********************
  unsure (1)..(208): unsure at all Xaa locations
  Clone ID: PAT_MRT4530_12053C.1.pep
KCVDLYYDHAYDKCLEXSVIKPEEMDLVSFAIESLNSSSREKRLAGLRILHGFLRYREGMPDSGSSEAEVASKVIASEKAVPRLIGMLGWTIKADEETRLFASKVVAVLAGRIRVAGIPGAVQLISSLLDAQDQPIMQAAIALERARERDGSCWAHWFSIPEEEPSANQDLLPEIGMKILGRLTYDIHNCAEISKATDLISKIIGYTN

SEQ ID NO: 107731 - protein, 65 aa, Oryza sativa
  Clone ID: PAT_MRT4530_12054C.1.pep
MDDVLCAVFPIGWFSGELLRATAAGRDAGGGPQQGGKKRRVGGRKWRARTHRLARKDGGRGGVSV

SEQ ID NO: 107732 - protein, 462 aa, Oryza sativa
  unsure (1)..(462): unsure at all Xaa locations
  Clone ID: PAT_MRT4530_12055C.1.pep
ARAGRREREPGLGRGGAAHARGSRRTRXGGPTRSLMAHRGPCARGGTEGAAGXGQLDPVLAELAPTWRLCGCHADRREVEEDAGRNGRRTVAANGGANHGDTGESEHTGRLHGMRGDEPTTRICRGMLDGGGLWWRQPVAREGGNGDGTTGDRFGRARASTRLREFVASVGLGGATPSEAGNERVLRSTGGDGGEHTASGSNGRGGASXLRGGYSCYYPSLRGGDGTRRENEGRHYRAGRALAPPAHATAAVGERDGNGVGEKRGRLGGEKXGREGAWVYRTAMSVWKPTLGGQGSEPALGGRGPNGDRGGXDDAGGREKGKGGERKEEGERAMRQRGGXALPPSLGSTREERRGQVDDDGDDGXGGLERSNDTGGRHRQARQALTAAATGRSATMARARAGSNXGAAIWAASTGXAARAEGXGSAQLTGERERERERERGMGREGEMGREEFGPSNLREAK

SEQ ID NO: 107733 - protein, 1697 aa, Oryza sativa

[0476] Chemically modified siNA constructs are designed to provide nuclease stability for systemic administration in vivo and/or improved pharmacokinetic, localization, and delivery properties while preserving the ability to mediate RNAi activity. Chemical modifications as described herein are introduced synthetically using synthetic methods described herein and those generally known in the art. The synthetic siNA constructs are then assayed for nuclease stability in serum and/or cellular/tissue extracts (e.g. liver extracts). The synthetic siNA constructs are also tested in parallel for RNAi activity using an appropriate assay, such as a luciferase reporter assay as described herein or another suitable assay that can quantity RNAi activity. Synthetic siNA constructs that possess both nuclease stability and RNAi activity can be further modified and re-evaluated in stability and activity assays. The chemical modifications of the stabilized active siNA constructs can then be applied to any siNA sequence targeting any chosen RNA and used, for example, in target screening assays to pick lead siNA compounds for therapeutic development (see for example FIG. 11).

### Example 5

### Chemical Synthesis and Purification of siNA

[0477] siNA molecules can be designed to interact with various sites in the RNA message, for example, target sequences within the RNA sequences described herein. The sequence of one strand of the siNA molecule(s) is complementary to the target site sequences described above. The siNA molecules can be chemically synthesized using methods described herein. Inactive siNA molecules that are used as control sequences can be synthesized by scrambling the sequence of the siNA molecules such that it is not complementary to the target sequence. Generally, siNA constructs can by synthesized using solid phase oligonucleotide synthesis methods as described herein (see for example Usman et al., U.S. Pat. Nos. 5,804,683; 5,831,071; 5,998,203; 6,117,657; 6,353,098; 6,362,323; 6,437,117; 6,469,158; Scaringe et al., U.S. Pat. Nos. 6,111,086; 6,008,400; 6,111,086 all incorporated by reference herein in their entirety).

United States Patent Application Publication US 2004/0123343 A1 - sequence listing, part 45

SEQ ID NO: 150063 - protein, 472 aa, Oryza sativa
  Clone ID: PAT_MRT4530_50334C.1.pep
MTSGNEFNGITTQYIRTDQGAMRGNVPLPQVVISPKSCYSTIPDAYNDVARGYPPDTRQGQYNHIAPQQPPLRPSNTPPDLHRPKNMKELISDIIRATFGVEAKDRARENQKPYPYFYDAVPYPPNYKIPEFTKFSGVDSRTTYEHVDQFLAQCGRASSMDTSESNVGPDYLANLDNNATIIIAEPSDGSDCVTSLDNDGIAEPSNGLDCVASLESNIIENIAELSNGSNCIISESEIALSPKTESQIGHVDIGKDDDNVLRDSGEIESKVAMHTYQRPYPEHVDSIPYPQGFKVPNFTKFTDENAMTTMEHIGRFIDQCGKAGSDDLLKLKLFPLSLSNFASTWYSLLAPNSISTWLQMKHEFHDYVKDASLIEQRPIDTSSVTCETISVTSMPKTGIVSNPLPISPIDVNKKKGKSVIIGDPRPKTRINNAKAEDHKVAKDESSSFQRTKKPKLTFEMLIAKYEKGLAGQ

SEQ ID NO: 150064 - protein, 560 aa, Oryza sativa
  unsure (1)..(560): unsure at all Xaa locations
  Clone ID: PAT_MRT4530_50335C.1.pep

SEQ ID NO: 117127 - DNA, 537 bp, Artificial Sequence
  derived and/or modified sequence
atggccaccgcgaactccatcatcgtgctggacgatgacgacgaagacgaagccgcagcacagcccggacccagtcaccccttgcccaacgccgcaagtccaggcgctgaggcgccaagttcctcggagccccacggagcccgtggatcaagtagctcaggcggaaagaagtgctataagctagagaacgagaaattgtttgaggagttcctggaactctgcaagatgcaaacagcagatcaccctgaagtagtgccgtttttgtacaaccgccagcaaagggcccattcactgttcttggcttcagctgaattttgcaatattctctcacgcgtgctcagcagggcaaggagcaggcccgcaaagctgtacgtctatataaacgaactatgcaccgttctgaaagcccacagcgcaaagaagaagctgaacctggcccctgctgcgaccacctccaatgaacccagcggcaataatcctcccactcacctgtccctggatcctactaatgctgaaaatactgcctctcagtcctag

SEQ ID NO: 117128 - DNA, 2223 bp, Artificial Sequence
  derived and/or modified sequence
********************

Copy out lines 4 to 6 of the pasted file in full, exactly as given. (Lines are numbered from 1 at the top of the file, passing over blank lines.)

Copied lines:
SEQ ID NO: 107731 - protein, 65 aa, Oryza sativa
  Clone ID: PAT_MRT4530_12054C.1.pep
MDDVLCAVFPIGWFSGELLRATAAGRDAGGGPQQGGKKRRVGGRKWRARTHRLARKDGGRGGVSV